Finally, data availability of the EHR data should be planned, utilizing methods for secondary, or backup, copies as well as a recovery strategy in the event the primary copy is lost or corrupted. There are many approaches to ensure that the data is available for operations and patient services.
In the past, the general approach was to back up the primary data to a tape backup. The problem with that approach is that tape recovery is typically slow and is susceptible to potential errors. Tapes can be defective, are timely to access, and are difficult to manage.
Newer methods allow for backups to be written to disk systems that are much faster and require less oversight and management. Like tape backup systems, the secondary disk copy can also be located at another remote site, on a different power system and different network to provide higher availability. Those can be mirrored disk systems for near-instant recovery of operations or can be recovery-based once the primary system is available. Mirrored systems can be synchronous, which means that the write is confirmed as consistent on both systems before committing and allowing for completion of that task.
Asynchronous solutions allow batched, or multiple write transactions, to be sent to the secondary system after the primary copy is updated and committed. The benefit of mirrored data is the potential for near-immediate transition to the secondary copy to minimize any disruption to patient activities. In many cases, the mirrored or primary copy is also backed up off-site to another copy for recovery in a more significant disaster event. Those backups can be based on a complete, or full, copy.
Typically, however, full backup is performed less frequently followed by a series of ‘incremental’ backups that contain only the changes to the full copy. Those incremental backups provide a method of change control without replicating the same unchanged data over and over. While it requires far less storage space, it is also much faster to apply in a recovery scenario. This method also provides numerous options in terms of the number of versions of the data.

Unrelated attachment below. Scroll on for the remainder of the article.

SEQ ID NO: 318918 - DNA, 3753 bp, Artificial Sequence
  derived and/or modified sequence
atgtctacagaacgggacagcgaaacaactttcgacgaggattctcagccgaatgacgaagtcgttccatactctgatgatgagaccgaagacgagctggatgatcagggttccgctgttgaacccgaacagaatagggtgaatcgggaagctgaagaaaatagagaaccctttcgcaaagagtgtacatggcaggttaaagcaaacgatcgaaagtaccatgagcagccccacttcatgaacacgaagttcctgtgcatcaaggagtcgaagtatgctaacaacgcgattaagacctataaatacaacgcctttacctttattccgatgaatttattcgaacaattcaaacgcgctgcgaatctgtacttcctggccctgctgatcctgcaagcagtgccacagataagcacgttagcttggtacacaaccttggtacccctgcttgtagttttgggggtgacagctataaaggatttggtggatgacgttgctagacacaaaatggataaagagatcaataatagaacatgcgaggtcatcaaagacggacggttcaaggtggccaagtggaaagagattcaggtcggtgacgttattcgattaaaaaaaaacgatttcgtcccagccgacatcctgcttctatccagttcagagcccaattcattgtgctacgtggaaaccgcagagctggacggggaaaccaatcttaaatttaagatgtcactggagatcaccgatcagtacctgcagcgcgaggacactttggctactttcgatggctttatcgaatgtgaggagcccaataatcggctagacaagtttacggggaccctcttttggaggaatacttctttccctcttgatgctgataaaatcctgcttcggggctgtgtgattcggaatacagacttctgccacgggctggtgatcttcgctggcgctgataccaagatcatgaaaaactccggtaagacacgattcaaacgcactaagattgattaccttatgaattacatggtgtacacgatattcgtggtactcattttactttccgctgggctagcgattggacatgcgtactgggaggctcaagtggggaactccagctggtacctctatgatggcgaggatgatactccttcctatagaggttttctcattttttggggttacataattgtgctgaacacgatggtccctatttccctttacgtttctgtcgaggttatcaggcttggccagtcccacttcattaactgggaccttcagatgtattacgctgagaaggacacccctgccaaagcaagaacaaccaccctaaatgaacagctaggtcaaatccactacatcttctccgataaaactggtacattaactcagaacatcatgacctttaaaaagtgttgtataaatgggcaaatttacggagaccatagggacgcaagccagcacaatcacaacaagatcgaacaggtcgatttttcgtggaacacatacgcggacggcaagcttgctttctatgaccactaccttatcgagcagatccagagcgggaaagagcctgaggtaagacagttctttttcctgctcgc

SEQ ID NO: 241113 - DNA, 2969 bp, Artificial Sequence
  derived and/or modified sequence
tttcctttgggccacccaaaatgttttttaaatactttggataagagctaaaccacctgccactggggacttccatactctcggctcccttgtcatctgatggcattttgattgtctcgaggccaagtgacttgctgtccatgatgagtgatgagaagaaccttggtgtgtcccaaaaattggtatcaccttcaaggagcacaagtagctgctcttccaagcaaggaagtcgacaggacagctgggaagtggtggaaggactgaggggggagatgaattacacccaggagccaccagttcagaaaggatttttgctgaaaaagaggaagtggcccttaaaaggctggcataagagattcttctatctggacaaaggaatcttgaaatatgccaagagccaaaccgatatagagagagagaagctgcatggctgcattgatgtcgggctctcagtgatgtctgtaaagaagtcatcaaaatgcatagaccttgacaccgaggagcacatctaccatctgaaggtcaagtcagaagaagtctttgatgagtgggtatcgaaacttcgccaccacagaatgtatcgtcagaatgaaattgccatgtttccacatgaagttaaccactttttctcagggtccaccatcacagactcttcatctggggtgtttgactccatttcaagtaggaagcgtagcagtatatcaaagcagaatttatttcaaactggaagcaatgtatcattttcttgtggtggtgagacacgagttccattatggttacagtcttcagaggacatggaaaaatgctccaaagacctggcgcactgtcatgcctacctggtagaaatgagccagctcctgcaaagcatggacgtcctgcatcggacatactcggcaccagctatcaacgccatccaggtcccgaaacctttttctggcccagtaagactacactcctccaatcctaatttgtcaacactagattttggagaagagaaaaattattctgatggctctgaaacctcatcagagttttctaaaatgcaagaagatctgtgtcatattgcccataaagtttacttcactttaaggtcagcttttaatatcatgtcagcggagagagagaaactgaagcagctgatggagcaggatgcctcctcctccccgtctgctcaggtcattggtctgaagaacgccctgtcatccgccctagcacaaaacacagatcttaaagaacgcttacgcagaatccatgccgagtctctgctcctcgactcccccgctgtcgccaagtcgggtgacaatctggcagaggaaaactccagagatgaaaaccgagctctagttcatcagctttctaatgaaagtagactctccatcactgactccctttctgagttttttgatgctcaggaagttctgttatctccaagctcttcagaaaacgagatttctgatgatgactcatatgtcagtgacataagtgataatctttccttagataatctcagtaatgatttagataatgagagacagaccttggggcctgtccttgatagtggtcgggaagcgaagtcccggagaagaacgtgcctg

Recovery point objective (RPO) determines the amount of data loss a practice is willing or able to tolerate. Recovery time objective (RTO) defines the amount of time a practice is willing or able to wait before data is available for continued operations. Both mirroring and backup methods should be chosen based on the practice requirements for recovery point and recovery time requirements and objectives.
While an EHR system will obviously provide great efficiencies and benefits to both the healthcare provider and patients, the EHR application is not the end of the story. The information that is at the core of this transition to electronic record and practice management requires significant care and attention. Using the methods and technologies mentioned above will ensure that those benefits can be realized in compliancy and with limited disruption. This puts the focus right back where it started: on the patient care.
Wade Hoffman, MBA, is an owner at EarthBend and a founding member of Tonka-Tek.